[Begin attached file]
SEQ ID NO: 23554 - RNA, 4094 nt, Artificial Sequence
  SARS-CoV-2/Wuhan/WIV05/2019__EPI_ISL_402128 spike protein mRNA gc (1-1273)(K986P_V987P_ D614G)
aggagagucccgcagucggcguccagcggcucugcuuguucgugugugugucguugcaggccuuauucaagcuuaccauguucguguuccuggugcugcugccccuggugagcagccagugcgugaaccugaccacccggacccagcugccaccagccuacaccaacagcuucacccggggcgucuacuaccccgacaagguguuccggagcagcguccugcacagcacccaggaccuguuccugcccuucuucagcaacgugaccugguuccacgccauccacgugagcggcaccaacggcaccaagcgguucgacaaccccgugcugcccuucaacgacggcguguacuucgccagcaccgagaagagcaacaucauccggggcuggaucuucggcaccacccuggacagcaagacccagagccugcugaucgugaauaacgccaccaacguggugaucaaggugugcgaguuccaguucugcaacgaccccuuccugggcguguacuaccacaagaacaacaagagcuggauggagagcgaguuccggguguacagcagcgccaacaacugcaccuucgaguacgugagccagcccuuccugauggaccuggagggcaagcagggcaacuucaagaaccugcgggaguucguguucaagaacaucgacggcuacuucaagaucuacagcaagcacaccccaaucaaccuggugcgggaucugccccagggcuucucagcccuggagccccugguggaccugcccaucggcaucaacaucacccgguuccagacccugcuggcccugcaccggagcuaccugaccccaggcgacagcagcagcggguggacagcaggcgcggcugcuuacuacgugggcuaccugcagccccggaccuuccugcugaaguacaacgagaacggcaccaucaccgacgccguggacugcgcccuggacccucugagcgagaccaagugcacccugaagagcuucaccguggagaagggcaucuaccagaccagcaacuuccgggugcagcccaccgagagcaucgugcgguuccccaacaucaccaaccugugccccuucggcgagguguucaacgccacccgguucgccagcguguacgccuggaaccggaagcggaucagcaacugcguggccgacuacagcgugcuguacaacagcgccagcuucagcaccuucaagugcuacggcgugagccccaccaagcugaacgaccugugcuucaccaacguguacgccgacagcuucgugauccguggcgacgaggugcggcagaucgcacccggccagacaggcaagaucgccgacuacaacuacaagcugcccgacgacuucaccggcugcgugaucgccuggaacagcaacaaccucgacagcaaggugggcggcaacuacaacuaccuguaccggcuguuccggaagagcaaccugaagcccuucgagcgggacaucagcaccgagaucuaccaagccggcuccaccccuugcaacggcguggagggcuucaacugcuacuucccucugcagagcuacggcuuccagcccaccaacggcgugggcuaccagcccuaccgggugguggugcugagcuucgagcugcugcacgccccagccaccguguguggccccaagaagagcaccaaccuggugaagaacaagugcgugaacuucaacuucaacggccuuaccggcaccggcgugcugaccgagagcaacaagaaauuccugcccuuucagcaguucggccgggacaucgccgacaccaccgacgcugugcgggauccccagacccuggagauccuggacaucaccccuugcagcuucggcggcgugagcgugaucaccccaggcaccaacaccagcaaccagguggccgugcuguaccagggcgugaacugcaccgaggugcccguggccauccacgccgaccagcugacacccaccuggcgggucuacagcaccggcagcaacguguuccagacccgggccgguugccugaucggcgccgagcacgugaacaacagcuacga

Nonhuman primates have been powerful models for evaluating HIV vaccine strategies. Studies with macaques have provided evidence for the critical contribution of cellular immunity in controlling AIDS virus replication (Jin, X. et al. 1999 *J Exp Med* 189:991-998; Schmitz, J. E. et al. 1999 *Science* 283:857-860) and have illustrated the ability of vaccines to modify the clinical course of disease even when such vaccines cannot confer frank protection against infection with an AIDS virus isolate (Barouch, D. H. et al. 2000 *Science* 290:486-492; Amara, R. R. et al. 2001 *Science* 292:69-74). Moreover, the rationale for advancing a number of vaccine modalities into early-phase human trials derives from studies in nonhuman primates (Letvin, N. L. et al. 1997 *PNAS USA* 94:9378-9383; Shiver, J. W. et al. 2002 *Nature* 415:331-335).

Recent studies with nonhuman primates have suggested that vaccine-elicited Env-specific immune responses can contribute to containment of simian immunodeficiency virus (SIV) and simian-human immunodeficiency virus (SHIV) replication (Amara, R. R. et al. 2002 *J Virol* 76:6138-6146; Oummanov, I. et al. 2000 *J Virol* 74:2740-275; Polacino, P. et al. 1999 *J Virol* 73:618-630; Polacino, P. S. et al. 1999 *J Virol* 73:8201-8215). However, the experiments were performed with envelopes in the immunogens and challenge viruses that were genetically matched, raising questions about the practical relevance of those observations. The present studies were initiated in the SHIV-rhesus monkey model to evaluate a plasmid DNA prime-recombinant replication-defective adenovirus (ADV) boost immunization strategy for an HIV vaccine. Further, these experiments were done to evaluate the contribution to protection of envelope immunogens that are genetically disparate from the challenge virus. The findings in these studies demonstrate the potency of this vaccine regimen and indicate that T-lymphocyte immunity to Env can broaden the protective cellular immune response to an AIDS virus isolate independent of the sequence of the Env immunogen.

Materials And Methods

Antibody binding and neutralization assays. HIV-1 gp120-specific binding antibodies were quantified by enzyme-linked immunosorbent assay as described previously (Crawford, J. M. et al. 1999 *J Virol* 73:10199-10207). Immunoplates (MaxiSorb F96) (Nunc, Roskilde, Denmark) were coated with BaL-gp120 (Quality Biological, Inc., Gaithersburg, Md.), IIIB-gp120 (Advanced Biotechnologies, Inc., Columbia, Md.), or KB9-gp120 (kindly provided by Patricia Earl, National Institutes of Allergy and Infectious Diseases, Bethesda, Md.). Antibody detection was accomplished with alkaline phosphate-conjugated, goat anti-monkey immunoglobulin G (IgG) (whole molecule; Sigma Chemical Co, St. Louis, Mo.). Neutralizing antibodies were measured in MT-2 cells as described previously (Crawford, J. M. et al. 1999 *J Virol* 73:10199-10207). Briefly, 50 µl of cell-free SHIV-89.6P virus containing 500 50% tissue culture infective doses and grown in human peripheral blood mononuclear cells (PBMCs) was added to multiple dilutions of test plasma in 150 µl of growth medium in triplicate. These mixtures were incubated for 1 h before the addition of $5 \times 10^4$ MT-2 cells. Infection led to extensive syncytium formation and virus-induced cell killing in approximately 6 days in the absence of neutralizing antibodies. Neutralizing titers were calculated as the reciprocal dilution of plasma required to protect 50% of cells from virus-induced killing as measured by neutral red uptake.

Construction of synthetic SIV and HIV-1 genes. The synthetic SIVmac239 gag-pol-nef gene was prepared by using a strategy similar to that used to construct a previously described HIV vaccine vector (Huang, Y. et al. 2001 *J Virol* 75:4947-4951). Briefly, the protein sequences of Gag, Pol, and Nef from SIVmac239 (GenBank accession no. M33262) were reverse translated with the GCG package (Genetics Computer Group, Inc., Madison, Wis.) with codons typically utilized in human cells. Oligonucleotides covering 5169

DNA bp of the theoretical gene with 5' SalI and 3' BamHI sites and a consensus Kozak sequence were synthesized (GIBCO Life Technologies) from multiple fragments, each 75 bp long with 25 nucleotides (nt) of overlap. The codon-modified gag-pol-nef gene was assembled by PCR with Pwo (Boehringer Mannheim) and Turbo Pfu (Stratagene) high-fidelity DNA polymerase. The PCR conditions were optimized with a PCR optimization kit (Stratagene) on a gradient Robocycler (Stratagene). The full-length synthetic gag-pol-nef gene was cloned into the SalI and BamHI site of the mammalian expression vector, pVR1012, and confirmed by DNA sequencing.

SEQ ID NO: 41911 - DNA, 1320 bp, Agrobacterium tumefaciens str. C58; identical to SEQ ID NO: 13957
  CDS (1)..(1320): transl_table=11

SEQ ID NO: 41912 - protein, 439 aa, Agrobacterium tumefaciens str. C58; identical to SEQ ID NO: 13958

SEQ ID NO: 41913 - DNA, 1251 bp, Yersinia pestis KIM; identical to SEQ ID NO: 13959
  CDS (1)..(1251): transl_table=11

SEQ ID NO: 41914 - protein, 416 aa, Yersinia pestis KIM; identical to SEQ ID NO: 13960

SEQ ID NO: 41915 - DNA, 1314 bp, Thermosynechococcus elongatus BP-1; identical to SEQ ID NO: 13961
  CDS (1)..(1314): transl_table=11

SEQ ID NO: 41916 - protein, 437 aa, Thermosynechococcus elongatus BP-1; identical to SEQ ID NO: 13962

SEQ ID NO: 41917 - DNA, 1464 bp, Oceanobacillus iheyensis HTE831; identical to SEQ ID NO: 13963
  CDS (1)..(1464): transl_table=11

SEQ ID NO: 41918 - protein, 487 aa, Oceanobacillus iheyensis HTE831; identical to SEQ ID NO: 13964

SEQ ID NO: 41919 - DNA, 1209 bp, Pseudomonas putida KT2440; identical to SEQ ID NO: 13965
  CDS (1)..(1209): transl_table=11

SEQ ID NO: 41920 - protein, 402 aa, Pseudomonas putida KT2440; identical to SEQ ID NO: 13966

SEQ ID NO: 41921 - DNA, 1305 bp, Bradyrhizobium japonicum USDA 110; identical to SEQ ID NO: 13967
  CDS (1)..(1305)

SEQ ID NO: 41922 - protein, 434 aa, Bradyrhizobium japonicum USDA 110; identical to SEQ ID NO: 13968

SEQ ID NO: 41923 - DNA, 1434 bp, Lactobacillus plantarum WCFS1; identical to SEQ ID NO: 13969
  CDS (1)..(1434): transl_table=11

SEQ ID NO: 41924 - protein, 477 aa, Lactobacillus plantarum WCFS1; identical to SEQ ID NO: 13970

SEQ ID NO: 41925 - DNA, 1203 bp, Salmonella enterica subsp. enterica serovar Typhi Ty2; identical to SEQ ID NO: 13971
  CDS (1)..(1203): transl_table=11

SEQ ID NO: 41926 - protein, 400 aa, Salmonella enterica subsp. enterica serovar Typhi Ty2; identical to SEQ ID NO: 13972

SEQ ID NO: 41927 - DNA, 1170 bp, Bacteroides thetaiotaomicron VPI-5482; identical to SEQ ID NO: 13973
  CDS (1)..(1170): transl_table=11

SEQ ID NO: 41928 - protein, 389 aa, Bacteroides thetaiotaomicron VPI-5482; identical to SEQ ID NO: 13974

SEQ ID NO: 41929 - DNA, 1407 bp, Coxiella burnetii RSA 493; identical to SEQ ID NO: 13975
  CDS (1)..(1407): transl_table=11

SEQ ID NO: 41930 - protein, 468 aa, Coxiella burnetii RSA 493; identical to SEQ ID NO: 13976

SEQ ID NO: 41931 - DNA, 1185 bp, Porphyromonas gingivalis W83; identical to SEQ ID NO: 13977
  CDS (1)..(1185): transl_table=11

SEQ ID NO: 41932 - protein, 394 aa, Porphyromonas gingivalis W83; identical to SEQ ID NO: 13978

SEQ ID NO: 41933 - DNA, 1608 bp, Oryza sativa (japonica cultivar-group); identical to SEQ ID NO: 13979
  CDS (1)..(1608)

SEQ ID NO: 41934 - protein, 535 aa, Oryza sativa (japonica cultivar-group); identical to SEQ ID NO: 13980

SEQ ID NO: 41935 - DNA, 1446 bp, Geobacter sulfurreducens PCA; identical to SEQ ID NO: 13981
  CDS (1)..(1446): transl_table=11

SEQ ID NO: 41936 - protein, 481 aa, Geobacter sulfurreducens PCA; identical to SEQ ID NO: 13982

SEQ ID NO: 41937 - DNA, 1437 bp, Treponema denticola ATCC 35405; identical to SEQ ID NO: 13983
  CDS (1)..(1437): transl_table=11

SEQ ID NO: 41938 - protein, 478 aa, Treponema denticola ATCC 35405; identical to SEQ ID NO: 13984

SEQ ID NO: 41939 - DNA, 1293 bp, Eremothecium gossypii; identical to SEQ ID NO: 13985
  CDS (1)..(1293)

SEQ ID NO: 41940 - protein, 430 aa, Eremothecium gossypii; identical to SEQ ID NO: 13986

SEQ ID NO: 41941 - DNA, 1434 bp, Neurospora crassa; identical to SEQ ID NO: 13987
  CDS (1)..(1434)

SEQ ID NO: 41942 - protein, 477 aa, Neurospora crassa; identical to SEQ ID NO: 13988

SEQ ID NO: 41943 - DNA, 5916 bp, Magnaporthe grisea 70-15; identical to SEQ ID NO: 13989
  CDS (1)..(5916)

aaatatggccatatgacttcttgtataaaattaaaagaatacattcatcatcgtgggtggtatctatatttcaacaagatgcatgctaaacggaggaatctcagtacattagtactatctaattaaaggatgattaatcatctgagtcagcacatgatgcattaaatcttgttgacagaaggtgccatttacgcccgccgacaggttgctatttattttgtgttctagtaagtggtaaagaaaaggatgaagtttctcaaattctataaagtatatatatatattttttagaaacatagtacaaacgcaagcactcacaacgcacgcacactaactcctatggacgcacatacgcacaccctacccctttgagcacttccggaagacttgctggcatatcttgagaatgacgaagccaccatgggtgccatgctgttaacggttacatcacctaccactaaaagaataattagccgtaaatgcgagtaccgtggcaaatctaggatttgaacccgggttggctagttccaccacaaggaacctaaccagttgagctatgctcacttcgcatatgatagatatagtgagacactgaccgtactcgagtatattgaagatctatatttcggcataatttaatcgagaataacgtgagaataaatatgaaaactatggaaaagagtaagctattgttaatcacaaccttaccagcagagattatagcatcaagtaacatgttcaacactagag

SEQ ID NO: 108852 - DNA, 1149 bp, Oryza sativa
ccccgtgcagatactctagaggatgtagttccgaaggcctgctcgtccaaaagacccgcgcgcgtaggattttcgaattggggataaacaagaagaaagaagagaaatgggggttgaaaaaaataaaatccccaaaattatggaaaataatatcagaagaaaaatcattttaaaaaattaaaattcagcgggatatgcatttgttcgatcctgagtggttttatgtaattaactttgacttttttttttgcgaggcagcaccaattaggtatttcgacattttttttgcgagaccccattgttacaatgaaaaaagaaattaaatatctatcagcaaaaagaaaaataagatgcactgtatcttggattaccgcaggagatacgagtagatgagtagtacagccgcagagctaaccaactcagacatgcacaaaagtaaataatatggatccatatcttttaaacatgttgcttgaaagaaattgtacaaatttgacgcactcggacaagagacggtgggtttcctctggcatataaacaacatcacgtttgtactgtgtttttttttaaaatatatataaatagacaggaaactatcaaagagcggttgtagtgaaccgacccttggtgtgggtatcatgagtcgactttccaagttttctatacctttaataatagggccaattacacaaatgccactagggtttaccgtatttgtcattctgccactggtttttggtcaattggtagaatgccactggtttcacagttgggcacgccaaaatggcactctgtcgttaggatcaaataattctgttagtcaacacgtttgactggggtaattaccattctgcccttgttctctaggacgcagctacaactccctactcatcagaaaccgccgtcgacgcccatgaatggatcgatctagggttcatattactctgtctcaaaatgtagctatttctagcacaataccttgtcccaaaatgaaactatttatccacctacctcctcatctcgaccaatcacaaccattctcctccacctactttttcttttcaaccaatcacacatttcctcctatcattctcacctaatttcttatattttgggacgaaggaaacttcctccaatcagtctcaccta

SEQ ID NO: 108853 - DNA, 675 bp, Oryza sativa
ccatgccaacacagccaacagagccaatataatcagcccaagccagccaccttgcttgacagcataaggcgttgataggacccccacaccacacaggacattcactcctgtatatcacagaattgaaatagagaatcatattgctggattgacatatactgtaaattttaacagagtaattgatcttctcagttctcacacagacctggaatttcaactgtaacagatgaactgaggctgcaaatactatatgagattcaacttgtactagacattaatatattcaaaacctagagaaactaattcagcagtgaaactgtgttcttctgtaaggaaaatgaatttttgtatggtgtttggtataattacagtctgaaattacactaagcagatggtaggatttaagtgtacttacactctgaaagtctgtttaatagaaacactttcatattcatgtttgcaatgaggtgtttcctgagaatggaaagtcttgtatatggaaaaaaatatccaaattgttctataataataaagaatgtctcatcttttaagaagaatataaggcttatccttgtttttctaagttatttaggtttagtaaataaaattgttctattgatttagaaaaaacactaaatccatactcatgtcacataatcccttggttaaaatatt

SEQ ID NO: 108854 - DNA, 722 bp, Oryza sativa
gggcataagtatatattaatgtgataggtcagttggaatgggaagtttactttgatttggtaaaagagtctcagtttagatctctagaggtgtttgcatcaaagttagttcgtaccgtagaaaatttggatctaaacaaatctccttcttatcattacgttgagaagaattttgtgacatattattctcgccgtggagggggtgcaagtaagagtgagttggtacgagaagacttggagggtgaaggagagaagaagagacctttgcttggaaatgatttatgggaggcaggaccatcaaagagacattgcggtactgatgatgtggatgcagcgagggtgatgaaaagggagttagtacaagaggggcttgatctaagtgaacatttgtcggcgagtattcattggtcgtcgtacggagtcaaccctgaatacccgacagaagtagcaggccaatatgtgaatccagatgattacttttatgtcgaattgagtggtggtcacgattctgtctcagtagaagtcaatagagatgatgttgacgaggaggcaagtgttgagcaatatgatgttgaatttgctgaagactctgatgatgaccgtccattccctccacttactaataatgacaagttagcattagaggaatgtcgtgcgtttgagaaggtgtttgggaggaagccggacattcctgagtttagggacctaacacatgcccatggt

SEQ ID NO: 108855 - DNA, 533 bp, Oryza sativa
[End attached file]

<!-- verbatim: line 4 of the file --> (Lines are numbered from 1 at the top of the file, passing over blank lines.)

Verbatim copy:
Nonhuman primates have been powerful models for evaluating HIV vaccine strategies. Studies with macaques have provided evidence for the critical contribution of cellular immunity in controlling AIDS virus replication (Jin, X. et al. 1999 *J Exp Med* 189:991-998; Schmitz, J. E. et al. 1999 *Science* 283:857-860) and have illustrated the ability of vaccines to modify the clinical course of disease even when such vaccines cannot confer frank protection against infection with an AIDS virus isolate (Barouch, D. H. et al. 2000 *Science* 290:486-492; Amara, R. R. et al. 2001 *Science* 292:69-74). Moreover, the rationale for advancing a number of vaccine modalities into early-phase human trials derives from studies in nonhuman primates (Letvin, N. L. et al. 1997 *PNAS USA* 94:9378-9383; Shiver, J. W. et al. 2002 *Nature* 415:331-335).